Amanda Handcock shares the story of her dad’s brave fight with kidney cancer. Today, Amanda is an active advocate for other kidney cancer patients. Thank you Amanda for sharing your story. Your dad is still inspiring others through your amazing voice.
I can only hope he knew he was my hero. The man who I would compare all other men in my life.
My father, Gary Wilfred Handcock, was a force to be reckoned with. An innate business sense from an early age and an old school work ethic that would tire an Olympic athlete. Through blood, sweat and tears he built a million-dollar company from the ground up and also fathered a family of three, the reason for whom he worked so hard. He thrived on beating the odds and being successful. His motivation and confidence grew over the years from overcoming the obstacles. After all, a challenge was always welcomed when it came to my Dad. However, his greatest battle came in the spring of 2013 when he was diagnosed with metastatic renal cell carcinoma. This was going to prove to be our family’s toughest challenge as well or so we thought. After 2 ½ years of surgeries, oral therapy, radiation, broken bones, IL2, complications, scans, appointments, travel, Sutent, brain tumors, SBRT, doctors who showed the greatest compassion to those who didn’t give a damn, my Dad passed away on September 13th, 2015, 11 days before his 59th birthday. Even though the cancer battered and bruised us all in different ways, our greatest struggle still lied ahead, that of now living life without him.
Honestly, I don’t believe the team of physicians in our “neck of the woods” expected my father to survive for as long as he did. To describe him as strong would be a complete understatement. He physically endured so much in such a short period of time with little to no complaints. He completed IL 2 like a BOSS! Unfortunately, the mental struggle and his old school ways kept him quiet and to himself. We chose to respect him and how he decided to deal with the disease but sadly it was also happening to us. Little did we know that when his fight ended, our family’s strife would continue. The cancer was now replaced with unbearable grief. Grief that I thought I was prepared for, I wasn’t.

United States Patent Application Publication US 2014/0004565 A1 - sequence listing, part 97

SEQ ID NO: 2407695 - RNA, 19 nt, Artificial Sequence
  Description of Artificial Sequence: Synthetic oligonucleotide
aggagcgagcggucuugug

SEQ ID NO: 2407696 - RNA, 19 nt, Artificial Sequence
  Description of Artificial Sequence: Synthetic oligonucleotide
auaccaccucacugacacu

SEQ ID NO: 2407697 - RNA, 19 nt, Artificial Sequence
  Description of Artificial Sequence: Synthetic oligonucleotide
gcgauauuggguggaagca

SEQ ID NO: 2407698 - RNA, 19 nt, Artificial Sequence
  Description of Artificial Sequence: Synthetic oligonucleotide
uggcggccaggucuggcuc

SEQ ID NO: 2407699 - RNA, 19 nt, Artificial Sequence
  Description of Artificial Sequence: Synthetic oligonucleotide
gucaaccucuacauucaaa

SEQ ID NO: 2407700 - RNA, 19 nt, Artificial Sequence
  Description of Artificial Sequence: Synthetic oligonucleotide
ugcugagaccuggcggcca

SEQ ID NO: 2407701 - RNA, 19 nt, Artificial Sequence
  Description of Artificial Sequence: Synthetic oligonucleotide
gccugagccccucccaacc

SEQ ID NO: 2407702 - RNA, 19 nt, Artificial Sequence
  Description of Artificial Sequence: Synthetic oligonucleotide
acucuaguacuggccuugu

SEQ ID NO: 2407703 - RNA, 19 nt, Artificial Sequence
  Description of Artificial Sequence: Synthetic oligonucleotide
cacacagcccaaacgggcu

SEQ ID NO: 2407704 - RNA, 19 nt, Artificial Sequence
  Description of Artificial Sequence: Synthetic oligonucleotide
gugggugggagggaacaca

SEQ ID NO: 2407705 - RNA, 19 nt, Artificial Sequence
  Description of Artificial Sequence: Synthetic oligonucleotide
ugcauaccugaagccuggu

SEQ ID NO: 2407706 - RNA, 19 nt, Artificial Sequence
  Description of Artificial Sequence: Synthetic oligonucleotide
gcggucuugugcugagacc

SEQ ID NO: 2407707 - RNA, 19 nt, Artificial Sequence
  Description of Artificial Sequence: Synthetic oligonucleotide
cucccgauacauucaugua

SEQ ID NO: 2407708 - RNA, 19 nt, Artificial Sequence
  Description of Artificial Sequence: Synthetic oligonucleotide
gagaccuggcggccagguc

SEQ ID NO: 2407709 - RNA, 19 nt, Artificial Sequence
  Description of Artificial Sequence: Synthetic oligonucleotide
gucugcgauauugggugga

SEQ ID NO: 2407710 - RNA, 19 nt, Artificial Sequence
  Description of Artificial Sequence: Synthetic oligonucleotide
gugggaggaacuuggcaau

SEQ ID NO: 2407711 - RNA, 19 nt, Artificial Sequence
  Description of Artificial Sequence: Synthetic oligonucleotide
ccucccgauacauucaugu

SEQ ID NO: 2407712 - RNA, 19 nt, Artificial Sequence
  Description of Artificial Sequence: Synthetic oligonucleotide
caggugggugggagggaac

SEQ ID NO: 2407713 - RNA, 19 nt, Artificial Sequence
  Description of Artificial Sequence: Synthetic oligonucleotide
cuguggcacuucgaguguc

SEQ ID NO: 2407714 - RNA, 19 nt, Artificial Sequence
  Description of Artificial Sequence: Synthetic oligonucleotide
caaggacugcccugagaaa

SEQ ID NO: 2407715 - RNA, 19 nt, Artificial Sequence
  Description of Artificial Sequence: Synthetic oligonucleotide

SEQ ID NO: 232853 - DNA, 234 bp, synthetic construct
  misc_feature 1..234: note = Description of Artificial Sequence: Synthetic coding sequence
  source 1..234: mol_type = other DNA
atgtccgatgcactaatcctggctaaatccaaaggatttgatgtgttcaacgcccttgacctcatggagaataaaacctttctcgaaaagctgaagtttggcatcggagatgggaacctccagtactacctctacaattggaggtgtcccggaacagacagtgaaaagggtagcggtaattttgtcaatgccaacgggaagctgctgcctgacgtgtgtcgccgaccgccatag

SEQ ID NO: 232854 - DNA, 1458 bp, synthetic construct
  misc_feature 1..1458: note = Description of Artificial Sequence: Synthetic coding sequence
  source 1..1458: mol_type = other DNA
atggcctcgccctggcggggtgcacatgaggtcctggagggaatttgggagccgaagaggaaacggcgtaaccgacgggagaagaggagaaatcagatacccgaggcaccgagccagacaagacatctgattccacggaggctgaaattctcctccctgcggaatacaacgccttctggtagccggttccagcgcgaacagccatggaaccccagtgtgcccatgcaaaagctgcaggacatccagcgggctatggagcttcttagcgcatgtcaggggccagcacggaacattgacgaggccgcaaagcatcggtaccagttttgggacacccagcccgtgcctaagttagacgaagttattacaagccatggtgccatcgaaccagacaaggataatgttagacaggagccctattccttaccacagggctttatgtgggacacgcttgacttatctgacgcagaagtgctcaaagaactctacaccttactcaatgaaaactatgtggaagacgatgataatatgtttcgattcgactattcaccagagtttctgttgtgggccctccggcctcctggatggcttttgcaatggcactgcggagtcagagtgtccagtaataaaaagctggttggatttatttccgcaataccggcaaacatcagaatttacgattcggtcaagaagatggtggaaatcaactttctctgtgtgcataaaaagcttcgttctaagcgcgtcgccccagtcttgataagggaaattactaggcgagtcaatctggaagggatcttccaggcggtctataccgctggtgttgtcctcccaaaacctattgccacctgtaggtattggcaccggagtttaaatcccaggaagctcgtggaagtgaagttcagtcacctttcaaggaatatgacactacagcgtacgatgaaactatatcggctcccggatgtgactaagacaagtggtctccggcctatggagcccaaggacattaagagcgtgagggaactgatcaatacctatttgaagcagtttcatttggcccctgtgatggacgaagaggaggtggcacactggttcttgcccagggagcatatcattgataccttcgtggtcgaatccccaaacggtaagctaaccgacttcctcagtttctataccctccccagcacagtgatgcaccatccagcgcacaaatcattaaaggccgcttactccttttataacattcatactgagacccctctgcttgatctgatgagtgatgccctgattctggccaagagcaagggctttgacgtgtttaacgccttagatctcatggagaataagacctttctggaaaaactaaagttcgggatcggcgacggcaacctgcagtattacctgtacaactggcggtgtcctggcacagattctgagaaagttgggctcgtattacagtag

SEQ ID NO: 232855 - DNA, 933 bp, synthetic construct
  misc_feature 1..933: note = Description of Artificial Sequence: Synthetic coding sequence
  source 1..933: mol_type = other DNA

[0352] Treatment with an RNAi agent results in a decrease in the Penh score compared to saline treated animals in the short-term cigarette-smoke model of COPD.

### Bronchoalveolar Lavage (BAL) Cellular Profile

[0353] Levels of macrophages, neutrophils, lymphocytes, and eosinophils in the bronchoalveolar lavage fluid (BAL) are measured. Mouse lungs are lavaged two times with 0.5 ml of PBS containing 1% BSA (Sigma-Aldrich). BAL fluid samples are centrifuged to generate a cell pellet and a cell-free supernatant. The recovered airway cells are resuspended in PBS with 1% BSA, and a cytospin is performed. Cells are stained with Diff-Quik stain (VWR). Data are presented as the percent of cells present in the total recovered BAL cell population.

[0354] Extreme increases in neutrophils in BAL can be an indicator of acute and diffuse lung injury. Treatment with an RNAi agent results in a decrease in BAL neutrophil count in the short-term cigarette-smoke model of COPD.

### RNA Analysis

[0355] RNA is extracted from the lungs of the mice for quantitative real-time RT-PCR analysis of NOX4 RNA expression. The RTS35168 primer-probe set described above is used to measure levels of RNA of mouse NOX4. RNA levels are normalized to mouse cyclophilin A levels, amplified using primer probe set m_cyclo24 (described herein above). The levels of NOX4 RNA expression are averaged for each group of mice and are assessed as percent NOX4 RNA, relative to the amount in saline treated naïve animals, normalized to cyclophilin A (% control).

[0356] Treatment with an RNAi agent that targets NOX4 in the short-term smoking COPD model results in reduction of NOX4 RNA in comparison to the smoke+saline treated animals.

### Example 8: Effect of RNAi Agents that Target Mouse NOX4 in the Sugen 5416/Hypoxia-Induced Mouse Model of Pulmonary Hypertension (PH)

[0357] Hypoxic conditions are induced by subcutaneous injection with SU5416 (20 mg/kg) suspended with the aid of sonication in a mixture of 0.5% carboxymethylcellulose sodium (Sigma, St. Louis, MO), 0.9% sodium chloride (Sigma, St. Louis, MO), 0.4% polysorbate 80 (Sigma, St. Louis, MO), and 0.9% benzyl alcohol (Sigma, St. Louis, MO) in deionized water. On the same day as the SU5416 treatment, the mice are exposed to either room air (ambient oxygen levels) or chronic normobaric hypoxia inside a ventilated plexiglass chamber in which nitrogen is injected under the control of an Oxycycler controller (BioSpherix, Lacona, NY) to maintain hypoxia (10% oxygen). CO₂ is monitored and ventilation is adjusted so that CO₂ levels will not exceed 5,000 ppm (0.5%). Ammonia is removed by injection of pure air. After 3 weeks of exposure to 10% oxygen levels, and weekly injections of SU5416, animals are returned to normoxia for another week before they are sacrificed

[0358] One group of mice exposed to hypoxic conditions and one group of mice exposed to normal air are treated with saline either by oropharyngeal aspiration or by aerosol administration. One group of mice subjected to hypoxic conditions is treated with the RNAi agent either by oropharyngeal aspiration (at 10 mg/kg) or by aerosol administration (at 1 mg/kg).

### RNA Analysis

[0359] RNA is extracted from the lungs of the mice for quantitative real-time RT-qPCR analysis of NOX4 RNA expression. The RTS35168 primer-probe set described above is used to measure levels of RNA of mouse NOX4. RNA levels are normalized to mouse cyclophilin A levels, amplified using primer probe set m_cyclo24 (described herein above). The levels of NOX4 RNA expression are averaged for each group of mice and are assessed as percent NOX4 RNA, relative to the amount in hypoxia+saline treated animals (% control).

It’s been 3 years and I still think of him every single minute of the day. We all do. Through the daily heartache we are finding healthy ways to carry on his legacy of hard work and love of family. We have raised money for kidney cancer patients, I have volunteered with Kidney Cancer Canada and helped organize a patient information meeting in my home province of NL, the 1st of its kind. We have donated playground equipment to our local park in his memory on what would have been his 60th birthday and we are keeping the family business alive and well, just like his spirit.
We are also planning a memorial garden to have a peaceful place to just sit and remember. We can choose to be sad for the life lost or celebrate a life well lived.
A poem The Mighty Oak explains the great strength our father illustrated throughout his life, especially throughout his battle with kidney cancer, as well as the deep-rooted love he had for his family and his family for him.
Always in my heart and never forgotten,